52Overview of key documents Main documents for a corporate JVCo are:joint venture or shareholders agreementArticles of association of the joint ventureAncillary documents may include:An asset or business purchase agreementA management agreementLoan note instrumentService or secondment agreementsLicence agreements such as for IPRFor an LLP or LP, then the partnership agreementwill be the main operative document.
53Joint venture agreement The purpose of the JV agreement is to establish:Rights and obligations of the partiesTo establish the corporate entityTo provide how the JVCo will be operatedTo provide what happens if there are difficultiesTo provide methodology for exit, or termination, once venture aims achieved.
55General Structure of a basic Corporate JV for a hotel venture JV Agreement(Loan Agreement?)Loan AgreementParty A(Land/Hotel OwnerParty B (Operator)Management AgreementJVCoSale AgreementFranchise AgreementHotel Brand Co?(Hotel HoldCo?)Hotel
58How to structure a joint venture agreement in the How to structure a joint venture agreement in the context of a hotel joint ventureJulian Mathews – Wedlake Bell LLP7 June 2013
59An initial public offering of securities in London Edward Craft – Wedlake Bell LLP7 June 2013#
60Your SpeakerEdward is a specialist in corporate governance for both private and public companies. Edward had advised on many debt and equity capital markets transactions.Edward is Chairman of the Corporate Governance Expert Group of the Quoted Companies Alliance, the independent membership organisation that champions the interests of small to mid-size quoted companies.Edward has recently been responsible for the new Corporate Governance Code for Small and Mid-Size Quoted Companies.Edward is a member of the corporate governance group of European Issuers.Edward Craft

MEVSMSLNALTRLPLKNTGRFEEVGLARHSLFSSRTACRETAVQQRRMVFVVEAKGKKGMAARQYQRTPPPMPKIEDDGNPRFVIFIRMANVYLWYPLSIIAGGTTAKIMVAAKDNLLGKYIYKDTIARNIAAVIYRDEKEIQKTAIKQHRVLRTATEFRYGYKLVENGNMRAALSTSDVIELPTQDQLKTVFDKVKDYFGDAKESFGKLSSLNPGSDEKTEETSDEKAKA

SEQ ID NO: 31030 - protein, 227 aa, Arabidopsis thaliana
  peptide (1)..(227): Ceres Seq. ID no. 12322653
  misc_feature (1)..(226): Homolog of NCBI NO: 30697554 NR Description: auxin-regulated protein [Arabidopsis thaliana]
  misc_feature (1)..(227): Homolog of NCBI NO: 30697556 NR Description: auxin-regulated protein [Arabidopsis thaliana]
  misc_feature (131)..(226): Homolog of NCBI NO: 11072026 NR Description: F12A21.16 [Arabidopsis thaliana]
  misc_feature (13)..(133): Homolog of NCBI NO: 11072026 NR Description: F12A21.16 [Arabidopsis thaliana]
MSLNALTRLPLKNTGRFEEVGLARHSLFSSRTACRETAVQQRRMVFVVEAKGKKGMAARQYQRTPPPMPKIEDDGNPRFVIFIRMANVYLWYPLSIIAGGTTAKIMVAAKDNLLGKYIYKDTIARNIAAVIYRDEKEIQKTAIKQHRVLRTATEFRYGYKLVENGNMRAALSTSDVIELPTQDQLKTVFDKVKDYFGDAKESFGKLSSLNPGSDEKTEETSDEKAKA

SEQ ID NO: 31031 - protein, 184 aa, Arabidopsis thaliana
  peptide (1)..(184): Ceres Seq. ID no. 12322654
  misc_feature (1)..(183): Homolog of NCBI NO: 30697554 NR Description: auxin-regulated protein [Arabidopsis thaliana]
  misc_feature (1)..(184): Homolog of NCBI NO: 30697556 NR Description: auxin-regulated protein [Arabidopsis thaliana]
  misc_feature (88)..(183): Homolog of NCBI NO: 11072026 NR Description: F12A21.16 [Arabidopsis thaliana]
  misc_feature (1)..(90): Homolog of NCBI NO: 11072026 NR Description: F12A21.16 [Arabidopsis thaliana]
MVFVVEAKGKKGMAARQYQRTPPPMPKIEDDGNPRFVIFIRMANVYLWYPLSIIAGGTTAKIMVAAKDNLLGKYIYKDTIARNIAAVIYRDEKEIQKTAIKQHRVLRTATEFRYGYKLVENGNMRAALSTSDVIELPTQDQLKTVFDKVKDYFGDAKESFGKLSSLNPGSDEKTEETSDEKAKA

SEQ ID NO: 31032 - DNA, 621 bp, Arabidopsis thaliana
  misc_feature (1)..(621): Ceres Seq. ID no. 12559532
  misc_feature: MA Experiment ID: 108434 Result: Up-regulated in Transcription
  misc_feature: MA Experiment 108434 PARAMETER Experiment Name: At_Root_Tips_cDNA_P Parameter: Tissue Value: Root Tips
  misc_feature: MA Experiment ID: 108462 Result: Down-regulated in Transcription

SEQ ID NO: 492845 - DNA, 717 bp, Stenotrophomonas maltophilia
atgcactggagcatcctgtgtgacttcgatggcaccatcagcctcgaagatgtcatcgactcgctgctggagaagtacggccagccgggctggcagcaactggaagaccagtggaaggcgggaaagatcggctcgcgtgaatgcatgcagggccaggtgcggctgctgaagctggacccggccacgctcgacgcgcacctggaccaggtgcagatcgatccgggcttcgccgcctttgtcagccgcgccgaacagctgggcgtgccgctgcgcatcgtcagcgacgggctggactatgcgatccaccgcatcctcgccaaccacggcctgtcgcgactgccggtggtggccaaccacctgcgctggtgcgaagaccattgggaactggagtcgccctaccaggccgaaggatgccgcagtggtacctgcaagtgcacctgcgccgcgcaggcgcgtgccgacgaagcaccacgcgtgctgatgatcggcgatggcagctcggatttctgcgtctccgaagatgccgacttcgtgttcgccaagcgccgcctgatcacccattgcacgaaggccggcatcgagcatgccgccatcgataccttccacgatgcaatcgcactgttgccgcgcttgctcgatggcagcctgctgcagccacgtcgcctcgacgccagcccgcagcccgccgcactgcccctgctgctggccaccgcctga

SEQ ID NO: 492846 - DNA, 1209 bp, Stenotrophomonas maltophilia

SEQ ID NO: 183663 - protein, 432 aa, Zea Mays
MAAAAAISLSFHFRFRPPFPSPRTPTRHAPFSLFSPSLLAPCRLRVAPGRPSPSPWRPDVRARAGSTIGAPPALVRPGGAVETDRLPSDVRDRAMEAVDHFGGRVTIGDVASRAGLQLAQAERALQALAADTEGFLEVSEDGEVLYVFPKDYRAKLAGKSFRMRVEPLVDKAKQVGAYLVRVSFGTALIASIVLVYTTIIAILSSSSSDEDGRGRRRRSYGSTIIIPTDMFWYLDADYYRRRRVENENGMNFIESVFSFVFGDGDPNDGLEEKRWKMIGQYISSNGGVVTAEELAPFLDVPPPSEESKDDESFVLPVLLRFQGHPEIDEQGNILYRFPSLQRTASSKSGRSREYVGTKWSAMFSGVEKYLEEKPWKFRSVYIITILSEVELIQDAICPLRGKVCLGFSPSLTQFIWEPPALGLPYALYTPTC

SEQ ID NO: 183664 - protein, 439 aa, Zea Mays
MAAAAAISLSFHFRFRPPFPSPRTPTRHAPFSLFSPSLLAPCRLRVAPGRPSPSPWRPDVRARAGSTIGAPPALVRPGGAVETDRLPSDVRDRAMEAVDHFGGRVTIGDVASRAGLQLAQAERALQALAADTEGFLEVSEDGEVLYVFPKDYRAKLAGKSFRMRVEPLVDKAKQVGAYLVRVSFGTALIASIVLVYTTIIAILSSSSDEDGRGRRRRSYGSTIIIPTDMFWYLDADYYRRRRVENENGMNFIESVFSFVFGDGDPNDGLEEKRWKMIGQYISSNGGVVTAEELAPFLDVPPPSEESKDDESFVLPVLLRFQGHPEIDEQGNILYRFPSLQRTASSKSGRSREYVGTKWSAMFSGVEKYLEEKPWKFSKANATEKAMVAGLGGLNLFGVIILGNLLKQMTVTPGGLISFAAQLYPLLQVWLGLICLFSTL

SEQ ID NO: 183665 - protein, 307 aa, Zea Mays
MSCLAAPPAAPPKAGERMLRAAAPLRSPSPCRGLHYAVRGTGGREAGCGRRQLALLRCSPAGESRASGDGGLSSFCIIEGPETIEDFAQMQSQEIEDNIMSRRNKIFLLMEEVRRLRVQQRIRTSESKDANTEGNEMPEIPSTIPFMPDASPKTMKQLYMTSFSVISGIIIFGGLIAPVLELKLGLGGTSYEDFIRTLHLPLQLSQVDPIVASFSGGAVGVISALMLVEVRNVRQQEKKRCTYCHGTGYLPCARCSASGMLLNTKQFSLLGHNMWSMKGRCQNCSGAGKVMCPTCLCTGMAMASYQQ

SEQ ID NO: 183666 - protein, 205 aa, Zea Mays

61OutlineIPO Options and the London MarketsPreparing for IPODocumentationFundraisingCorporate GovernanceOn-going Obligations
621. IPO Options and the London Markets Why issue securities to the public at all?Decision to IPO is one of the most important a board can ever makeAdmission to trading distinct from ListingPresumption that the securities being offered are ordinary shares or depositary interests/receiptsCan also have other securities listed/admitted to trading, including:Non-voting ordinary sharesPreference sharesDebt securities
63A security in its own right Depositary InterestsA security in its own rightNeed to have appointed a depositary (and possibly a custodian)Depositary/custodian regulated under UK financial services legislationcapable of electronic settlement through CRESTAdditional documentation:Trust DeedDepositary AgreementLegal Opinions
64Other traded securities The London marketsOfficially Listed Securities (UK Listing Authority as the EU Authority)Other traded securitiesMain BoardGrowth MarketStandard Listing – ESMA compliantPremium Listing - super equivalent
66The Rules Rule Responsibility Listing Rules EU with FCA as UKLA DTRs under Transparency DirectiveAIM RulesLondon Stock ExchangeHigh Growth Segment RulesISDX Growth Market RulesICAP Securities and Derivatives ExchangeCompany LawEU and UK parliamentSecurities LawUK Corporate Governance CodeFinancial Reporting CouncilStewardship CodeCorporate Governance Code for Small and Mid-Size Quoted CompaniesQuoted Companies AllianceTakeover CodePanel on Take-Overs and Mergers/UK parliamentProspectus DirectiveEUMarket Abuse DirectiveMiFID/MiFID II
67Q: Why move to a public market at all? 2. Preparing for IPOQ: Why move to a public market at all?liquidity/ extended base of shareholderstrading/kudos/staff incentives/stock for acq.fin.exit/valuationto raise funds for growth businesses